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British PM Liz Truss says cabinet not told of tax cuts

British Prime Minister Liz Truss has tried to reassure her party and the public, saying she should have done more to “lay the ground” for an economic plan that saw the pound fall to record lows and government borrowing costs soar.

On the first day of her governing Conservative Party’s annual conference on Sunday, Ms Truss, in office for less than a month, adopted a softer tone by saying she would support the public during a difficult winter and beyond.

But she stood by her “growth plan”, a package of tax-cutting measures that investors and economists have criticised for setting out billions of pounds of spending while offering few details on how it would be paid for in the short term.

Ms Truss said it was the right plan, suggesting critics did not realise the depth of Britain’s problems and that she should have done more to explain them – an argument market traders and investors have dismissed as a reason for the falls in the pound and the increase in borrowing costs last week.

“I understand their worries about what has happened this week,” she told the BBC in the central English city of Birmingham.

“I do stand by the package we announced and I stand by the fact that we announced it quickly because we had to act, but I do accept that we should have laid the ground better.”

However, Ms Truss also did not deny that the plan would require spending cuts for public services, something some conservative lawmakers fear will make the party unpalatable to voters before the next national election due in 2024.

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Ms Truss’s economic plan raised alarm in the Conservative Party, particularly over the scrapping of the highest 45 per cent level of income tax.

Some in the party fear they are at risk of being seen as “the nasty party”, cutting taxes for the wealthiest while doing little to improve the lives of the most vulnerable.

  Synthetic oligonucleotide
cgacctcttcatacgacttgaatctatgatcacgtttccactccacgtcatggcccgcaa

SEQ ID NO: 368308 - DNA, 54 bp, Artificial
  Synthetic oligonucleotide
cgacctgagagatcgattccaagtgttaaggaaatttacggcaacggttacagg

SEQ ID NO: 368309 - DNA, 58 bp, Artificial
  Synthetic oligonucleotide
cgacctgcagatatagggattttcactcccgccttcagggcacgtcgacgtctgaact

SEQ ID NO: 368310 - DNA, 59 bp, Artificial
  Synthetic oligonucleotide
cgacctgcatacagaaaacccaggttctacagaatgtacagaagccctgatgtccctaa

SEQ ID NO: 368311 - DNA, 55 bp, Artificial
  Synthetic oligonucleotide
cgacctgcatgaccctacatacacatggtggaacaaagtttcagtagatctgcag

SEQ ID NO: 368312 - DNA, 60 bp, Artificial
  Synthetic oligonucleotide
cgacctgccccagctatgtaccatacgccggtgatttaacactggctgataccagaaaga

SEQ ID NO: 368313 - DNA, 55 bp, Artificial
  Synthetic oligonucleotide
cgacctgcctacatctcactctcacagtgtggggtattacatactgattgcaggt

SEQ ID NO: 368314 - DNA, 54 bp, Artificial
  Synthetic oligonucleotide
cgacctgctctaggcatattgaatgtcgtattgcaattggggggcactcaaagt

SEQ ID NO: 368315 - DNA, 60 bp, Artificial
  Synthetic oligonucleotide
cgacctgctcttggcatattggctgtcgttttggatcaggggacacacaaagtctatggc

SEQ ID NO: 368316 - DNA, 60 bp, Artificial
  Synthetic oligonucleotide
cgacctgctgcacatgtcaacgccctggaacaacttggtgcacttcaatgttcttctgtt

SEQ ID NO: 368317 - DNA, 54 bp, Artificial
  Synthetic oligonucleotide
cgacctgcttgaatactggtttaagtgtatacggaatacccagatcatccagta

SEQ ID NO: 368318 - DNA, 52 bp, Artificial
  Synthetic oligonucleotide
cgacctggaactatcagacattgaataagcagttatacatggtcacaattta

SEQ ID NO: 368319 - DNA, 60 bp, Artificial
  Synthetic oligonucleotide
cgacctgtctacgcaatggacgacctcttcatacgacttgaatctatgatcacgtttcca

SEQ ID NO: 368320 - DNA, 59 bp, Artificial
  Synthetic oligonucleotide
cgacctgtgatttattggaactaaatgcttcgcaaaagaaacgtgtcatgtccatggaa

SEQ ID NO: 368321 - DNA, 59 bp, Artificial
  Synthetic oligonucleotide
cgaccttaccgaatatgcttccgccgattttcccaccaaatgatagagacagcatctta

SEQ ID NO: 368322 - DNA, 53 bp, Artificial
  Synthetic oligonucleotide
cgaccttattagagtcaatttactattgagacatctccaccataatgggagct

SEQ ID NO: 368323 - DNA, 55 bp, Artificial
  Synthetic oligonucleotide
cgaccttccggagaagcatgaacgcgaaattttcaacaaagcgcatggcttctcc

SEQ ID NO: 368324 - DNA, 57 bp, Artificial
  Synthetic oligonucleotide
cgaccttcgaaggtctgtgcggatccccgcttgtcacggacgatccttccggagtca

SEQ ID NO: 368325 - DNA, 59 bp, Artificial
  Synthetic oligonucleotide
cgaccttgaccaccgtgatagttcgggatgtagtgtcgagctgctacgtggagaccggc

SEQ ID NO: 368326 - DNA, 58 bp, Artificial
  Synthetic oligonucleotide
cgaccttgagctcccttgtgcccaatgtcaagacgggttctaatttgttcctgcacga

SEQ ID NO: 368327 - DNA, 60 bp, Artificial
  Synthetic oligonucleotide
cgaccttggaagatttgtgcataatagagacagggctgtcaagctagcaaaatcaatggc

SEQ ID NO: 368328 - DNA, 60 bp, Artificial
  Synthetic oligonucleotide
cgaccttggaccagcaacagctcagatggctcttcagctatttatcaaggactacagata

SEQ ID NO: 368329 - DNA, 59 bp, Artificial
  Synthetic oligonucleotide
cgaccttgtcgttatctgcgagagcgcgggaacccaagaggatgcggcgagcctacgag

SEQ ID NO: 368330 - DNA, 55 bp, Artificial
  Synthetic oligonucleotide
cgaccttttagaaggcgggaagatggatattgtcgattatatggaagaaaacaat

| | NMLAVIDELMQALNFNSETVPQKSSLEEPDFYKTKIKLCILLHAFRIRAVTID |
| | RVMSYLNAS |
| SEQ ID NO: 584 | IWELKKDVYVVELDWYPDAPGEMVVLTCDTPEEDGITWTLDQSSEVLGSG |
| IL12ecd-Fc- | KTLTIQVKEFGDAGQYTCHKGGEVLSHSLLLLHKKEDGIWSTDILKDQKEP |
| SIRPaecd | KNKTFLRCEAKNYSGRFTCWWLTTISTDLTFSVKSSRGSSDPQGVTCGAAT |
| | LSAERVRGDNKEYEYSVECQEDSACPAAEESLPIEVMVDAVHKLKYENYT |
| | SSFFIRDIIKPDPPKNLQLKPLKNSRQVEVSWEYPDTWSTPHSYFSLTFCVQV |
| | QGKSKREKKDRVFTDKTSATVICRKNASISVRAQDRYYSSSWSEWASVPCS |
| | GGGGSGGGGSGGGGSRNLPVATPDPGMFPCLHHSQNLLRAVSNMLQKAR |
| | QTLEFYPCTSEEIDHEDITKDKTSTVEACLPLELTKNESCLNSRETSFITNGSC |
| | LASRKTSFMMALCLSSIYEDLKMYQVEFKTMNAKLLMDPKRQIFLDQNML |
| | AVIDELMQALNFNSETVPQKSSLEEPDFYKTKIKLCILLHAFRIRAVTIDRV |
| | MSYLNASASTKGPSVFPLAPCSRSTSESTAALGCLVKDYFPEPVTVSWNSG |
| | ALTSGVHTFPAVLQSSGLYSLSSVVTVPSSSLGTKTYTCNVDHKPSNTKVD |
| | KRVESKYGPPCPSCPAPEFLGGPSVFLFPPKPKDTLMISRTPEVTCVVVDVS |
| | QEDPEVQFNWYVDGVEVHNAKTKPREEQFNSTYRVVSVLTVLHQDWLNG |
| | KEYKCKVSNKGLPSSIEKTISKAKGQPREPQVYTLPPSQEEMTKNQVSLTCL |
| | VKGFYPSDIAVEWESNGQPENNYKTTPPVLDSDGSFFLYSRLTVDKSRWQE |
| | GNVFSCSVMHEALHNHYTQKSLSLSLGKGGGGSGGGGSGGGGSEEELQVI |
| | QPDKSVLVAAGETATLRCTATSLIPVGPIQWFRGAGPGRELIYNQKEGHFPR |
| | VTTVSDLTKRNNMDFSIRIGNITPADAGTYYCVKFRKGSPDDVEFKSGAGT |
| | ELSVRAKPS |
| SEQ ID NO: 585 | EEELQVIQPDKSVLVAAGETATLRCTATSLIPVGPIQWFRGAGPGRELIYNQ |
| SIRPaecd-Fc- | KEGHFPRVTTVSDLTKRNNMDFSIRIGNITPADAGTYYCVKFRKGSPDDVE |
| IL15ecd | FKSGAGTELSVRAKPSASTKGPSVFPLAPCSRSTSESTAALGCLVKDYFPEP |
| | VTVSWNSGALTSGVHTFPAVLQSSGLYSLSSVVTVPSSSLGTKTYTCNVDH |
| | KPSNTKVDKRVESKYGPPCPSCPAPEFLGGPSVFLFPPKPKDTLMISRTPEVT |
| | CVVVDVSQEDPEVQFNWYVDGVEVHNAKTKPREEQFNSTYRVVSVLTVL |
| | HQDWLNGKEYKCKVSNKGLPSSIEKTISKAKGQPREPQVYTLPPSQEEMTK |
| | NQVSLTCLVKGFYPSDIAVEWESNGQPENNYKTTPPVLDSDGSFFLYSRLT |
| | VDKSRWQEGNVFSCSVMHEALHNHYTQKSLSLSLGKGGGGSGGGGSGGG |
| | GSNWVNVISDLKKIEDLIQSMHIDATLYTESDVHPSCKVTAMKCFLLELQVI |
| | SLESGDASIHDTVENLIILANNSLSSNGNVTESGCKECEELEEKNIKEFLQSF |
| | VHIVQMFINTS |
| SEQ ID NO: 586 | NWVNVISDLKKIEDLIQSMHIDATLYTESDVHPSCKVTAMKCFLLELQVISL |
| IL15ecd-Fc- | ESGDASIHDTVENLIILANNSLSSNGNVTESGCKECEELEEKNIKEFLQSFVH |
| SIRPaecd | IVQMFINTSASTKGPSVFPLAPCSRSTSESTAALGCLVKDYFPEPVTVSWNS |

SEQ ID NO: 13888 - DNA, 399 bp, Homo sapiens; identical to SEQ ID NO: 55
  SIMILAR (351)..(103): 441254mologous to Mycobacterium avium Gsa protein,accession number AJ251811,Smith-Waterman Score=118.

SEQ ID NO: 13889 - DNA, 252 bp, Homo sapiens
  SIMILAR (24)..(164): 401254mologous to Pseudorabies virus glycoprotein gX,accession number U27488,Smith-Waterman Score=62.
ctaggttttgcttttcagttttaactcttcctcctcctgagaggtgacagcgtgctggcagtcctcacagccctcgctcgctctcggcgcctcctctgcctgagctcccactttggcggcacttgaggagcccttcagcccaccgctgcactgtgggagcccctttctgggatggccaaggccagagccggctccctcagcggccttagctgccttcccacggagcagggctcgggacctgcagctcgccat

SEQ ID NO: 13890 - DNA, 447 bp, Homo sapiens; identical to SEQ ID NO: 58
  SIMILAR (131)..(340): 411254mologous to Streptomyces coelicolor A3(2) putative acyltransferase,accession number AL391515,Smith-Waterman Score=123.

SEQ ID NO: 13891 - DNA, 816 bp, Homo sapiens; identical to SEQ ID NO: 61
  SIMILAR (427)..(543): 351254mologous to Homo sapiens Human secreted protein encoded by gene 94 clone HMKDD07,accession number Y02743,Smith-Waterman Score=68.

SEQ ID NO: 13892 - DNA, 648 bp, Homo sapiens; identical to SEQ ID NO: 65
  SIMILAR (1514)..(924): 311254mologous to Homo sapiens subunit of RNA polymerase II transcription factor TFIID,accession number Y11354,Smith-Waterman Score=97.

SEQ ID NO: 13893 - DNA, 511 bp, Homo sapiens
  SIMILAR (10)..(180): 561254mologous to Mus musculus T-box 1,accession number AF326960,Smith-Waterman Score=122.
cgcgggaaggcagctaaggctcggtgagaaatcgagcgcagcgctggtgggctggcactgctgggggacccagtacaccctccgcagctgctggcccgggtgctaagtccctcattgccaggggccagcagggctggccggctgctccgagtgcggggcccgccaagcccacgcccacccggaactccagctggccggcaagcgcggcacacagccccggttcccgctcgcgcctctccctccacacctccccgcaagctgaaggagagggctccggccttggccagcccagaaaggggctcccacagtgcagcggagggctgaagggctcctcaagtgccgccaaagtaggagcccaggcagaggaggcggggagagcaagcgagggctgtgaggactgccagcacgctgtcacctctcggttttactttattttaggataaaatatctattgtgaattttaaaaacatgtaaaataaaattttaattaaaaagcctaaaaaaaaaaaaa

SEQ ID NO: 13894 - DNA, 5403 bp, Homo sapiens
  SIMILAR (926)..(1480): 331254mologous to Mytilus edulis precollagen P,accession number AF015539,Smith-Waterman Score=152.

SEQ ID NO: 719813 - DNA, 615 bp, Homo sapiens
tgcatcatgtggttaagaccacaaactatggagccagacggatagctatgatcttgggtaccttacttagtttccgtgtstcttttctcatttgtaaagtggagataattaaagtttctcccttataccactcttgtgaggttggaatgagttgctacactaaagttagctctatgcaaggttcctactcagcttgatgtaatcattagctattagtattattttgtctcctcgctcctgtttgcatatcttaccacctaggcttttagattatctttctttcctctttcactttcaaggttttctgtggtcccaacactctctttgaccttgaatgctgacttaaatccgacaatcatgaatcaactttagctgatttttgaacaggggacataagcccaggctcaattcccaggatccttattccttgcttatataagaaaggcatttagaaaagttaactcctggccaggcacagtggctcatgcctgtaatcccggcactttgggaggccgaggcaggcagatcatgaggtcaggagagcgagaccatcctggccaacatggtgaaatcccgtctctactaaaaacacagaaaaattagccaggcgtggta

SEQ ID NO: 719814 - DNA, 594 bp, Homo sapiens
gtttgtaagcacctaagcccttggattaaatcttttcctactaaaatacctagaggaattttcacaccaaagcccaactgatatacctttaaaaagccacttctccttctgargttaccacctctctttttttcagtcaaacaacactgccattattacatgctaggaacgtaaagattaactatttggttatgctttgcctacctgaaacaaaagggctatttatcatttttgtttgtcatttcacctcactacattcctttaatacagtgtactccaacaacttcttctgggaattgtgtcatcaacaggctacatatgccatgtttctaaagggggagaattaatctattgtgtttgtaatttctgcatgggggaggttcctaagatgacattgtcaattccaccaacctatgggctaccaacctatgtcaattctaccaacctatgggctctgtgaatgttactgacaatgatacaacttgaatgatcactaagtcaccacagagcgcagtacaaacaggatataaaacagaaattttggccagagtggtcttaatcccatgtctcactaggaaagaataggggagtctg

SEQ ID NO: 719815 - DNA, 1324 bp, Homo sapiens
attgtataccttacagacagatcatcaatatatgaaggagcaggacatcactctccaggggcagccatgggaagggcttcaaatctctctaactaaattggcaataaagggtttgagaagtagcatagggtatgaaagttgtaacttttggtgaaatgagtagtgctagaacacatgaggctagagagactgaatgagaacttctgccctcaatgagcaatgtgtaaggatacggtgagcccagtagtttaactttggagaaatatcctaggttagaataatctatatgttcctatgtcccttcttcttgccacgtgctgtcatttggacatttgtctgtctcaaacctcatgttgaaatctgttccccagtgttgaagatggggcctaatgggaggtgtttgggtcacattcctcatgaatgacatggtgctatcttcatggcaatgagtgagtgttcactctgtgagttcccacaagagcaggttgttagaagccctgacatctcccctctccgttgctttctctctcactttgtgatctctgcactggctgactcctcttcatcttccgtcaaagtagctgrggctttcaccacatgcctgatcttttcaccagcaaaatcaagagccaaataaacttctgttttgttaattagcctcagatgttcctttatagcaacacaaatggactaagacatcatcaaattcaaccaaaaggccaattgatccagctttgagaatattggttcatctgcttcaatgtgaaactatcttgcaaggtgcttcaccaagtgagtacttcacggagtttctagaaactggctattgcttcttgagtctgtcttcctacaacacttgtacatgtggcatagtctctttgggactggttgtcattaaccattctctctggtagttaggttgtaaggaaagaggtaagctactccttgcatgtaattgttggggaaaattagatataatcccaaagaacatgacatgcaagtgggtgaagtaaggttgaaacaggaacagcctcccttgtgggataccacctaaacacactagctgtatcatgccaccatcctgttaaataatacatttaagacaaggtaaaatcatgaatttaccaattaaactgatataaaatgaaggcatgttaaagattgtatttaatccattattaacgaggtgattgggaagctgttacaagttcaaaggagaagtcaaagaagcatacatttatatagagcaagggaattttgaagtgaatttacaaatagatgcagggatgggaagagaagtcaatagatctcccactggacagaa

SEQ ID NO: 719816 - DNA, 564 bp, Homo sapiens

Ms Truss said she supported the simplification of the tax system but added the decision on the top tax was taken by her finance minister Kwasi Kwarteng.

When asked whether all of her cabinet of top ministers had been told in advance, Ms Truss said: “No, we didn’t. This was a decision that the chancellor made.”

Ms Truss’s comment that it was Mr Kwarteng’s decision to remove the top rate of income tax is the first sign she might be trying to distance herself from her chancellor.

She also suggested politicians spend too much time worrying about how their policies were received by the public, saying she was focused on driving growth.

Ms Truss has often said she is not scared of making unpopular decisions.

“I do think there has been too much focus in politics on the optics or how things look,” she said.

But she struggled when pressed to answer whether scrapping some taxes would have to be paid for with cuts to public services.


She said she wanted the best possible services, which offer taxpayers value for money.

“I am going to make sure we get value for money for the taxpayer, but I am very, very committed to making sure we have excellent frontline public services.”


The post British PM Liz Truss says cabinet not told of tax cuts appeared first on The New Daily.

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